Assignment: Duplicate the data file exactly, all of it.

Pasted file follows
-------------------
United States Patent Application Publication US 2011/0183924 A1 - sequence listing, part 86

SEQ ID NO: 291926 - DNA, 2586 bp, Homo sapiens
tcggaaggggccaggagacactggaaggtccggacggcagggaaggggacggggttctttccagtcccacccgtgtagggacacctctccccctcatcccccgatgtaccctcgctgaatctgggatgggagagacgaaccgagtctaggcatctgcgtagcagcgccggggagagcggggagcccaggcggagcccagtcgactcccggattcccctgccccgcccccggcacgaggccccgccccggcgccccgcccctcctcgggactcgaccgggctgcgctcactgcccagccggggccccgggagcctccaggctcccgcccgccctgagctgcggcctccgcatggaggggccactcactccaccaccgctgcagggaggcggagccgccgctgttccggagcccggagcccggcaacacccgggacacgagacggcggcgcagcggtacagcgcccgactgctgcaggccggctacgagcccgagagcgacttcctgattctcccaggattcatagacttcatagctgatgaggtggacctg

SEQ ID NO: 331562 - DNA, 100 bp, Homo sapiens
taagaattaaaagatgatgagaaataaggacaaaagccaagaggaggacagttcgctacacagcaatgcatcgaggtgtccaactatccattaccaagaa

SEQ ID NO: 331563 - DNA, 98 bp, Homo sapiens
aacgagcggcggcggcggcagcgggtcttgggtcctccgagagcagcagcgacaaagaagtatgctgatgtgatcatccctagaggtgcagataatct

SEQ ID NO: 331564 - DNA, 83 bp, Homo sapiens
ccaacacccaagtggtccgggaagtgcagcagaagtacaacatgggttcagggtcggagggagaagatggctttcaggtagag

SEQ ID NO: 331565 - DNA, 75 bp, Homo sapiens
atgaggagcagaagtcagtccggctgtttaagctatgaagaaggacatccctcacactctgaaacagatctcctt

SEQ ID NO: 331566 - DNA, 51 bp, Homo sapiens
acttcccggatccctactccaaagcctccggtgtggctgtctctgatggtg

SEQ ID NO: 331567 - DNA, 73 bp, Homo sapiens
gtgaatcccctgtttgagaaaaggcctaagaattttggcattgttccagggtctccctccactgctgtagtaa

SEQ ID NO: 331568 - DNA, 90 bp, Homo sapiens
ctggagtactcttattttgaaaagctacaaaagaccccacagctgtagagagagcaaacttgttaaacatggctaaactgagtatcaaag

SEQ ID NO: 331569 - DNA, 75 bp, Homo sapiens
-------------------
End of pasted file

United States Patent Application Publication US 2011/0183924 A1 - sequence listing, part 86

SEQ ID NO: 291926 - DNA, 2586 bp, Homo sapiens
tcggaaggggccaggagacactggaaggtccggacggcagggaaggggacggggttctttccagtcccacccgtgtagggacacctctccccctcatcccccgatgtaccctcgctgaatctgggatgggagagacgaaccgagtctaggcatctgcgtagcagcgccggggagagcggggagcccaggcggagcccagtcgactcccggattcccctgccccgcccccggcacgaggccccgccccggcgccccgcccctcctcgggactcgaccgggctgcgctcactgcccagccggggccccgggagcctccaggctcccgcccgccctgagctgcggcctccgcatggaggggccactcactccaccaccgctgcagggaggcggagccgccgctgttccggagcccggagcccggcaacacccgggacacgagacggcggcgcagcggtacagcgcccgactgctgcaggccggctacgagcccgagagcgacttcctgattctcccaggattcatagacttcatagctgatgaggtggacctg

SEQ ID NO: 331562 - DNA, 100 bp, Homo sapiens
taagaattaaaagatgatgagaaataaggacaaaagccaagaggaggacagttcgctacacagcaatgcatcgaggtgtccaactatccattaccaagaa

SEQ ID NO: 331563 - DNA, 98 bp, Homo sapiens
aacgagcggcggcggcggcagcgggtcttgggtcctccgagagcagcagcgacaaagaagtatgctgatgtgatcatccctagaggtgcagataatct

SEQ ID NO: 331564 - DNA, 83 bp, Homo sapiens
ccaacacccaagtggtccgggaagtgcagcagaagtacaacatgggttcagggtcggagggagaagatggctttcaggtagag

SEQ ID NO: 331565 - DNA, 75 bp, Homo sapiens
atgaggagcagaagtcagtccggctgtttaagctatgaagaaggacatccctcacactctgaaacagatctcctt

SEQ ID NO: 331566 - DNA, 51 bp, Homo sapiens
acttcccggatccctactccaaagcctccggtgtggctgtctctgatggtg

SEQ ID NO: 331567 - DNA, 73 bp, Homo sapiens
gtgaatcccctgtttgagaaaaggcctaagaattttggcattgttccagggtctccctccactgctgtagtaa

SEQ ID NO: 331568 - DNA, 90 bp, Homo sapiens
ctggagtactcttattttgaaaagctacaaaagaccccacagctgtagagagagcaaacttgttaaacatggctaaactgagtatcaaag

SEQ ID NO: 331569 - DNA, 75 bp, Homo sapiens